Notes before you begin (mostly for SVN users):
Run commands in the directory of the project you are working on, for example 'tomee':
Always create a feature branch from develop using an 'extremely' descriptive name, this should usually be the JIRA id or task name you want to work on:
git checkout -b TOMEE-007 develop
Switched to a new branch 'TOMEE-007'
nothing to commit, working directory clean
Immediately push the new branch to the repository so everyone can see it remotely (and possibly collaborate):
git push -u origin TOMEE-007
Branch TOMEE-007 set up to track remote branch TOMEE-007 from origin.
Once that is done then you just need the simple push for subsequent calls on this branch:
Work like mad on the JIRA issue calling commit and add as often as you like...
If others are working on your branch also remember to pull their changes (Or just as good practice):
Finally, to push the completed (or significant non-breaking progress on the) feature to develop at any time (ensuring develop is up to date first):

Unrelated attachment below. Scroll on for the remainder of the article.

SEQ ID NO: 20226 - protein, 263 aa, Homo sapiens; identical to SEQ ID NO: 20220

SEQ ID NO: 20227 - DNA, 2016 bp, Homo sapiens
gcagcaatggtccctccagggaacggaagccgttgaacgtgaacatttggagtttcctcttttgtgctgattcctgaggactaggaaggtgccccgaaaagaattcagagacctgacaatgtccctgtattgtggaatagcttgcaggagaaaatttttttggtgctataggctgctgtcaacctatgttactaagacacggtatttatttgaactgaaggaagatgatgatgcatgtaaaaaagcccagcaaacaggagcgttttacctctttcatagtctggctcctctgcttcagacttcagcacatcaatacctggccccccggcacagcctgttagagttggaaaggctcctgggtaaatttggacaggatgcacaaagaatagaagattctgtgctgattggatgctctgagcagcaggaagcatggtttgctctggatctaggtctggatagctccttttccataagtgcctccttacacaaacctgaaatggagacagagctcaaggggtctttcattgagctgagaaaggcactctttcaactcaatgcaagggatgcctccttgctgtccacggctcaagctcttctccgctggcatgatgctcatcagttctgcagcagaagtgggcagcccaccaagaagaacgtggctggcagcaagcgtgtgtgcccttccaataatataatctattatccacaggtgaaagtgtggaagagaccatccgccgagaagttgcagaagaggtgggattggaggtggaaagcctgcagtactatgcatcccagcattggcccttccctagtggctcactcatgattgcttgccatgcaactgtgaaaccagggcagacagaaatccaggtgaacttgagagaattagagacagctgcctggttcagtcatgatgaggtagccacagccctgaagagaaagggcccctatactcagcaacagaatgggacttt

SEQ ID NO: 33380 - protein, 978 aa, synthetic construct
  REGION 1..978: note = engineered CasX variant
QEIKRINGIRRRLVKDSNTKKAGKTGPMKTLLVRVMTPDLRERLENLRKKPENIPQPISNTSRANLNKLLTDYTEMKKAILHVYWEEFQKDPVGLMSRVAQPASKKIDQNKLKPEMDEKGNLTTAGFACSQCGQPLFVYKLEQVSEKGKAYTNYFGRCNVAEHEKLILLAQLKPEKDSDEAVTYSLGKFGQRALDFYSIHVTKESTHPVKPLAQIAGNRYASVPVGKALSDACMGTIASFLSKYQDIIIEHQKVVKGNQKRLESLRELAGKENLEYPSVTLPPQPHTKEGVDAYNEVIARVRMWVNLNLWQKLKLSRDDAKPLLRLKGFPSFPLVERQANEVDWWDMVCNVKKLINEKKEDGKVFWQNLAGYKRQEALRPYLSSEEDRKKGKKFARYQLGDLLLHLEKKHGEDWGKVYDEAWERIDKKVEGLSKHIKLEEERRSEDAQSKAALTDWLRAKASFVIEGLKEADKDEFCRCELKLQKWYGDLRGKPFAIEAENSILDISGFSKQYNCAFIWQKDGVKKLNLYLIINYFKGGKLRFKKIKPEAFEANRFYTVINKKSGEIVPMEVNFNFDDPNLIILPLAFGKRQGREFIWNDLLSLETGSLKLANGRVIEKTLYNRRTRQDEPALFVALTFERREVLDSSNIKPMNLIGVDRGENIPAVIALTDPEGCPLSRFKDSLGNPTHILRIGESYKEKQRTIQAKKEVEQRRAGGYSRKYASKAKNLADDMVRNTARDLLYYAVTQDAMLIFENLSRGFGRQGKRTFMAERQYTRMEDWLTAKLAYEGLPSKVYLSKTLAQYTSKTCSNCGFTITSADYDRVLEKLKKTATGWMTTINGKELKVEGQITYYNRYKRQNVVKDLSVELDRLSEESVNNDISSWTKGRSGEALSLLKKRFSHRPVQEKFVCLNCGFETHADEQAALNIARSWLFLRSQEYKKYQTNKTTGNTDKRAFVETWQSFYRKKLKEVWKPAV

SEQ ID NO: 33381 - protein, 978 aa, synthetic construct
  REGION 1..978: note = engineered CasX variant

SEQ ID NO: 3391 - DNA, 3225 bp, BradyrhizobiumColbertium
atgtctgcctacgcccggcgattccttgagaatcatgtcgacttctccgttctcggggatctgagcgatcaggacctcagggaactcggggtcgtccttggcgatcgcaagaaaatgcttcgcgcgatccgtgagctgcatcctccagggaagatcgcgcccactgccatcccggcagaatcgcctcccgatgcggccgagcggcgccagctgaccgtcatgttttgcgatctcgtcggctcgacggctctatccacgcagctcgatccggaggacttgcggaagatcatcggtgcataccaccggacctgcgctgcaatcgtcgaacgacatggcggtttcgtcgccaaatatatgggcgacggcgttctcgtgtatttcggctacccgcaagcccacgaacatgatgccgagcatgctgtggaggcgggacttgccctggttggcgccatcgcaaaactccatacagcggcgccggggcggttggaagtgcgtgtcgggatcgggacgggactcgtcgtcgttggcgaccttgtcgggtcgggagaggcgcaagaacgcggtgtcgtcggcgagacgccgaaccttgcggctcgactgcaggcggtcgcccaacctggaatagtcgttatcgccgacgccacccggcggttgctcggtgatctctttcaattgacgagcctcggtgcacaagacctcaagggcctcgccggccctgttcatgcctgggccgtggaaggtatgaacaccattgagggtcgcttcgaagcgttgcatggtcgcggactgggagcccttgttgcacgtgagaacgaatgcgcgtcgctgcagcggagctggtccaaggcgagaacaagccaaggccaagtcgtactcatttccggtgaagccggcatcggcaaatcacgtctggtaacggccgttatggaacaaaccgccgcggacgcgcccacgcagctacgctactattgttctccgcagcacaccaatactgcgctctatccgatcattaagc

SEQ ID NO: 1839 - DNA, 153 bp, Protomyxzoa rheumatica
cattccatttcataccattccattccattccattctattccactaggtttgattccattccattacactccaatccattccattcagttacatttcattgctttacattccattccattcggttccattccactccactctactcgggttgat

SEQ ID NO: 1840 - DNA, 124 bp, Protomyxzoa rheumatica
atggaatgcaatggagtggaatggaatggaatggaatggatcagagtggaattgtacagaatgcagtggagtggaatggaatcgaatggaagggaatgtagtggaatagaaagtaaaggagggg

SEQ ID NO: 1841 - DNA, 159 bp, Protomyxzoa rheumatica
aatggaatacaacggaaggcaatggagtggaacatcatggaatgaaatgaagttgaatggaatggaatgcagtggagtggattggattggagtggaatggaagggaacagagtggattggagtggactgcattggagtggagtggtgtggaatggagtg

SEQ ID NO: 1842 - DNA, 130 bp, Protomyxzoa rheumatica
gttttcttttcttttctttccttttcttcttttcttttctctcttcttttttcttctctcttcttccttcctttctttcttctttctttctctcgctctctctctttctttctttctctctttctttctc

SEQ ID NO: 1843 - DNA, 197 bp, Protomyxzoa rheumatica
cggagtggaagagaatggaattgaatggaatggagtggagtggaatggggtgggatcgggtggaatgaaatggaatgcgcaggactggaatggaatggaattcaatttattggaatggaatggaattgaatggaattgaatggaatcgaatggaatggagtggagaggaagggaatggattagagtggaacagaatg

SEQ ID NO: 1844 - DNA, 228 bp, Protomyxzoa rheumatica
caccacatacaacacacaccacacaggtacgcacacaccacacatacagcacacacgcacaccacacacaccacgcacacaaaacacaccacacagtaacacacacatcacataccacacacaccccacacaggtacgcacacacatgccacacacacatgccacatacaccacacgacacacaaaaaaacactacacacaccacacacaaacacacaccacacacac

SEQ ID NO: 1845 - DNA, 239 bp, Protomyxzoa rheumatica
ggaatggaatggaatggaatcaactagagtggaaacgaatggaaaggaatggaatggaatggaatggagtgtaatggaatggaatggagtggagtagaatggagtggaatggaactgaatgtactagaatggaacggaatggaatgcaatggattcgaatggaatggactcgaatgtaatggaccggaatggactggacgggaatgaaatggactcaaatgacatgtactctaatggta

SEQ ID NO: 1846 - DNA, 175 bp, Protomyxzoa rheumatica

git pull origin develop
git checkout develop
git merge --no-ff TOMEE-007
Once the completed feature is merged and the JIRA resolved then the branch can and 'should' be deleted before pushing:
git branch -d TOMEE-007
git push origin develop
Now we have learned to do it the hard way, time to look at the simplified version. The GitHub native tools!
For the latest mac version go here: Mac Latest,
And windows here: Win Latest
These tools will probably not save you much time over the command line, but provide a much better visualization of ongoing processes.
The steps are and remain as described above:
Note: You can actually merge the current *develop (or any other 'synchronized' branch) into your branch first to make sure it is stable,i.e. 'develop' + 'TOMEE-007' = 'TOMEE-007' - This is really cool!
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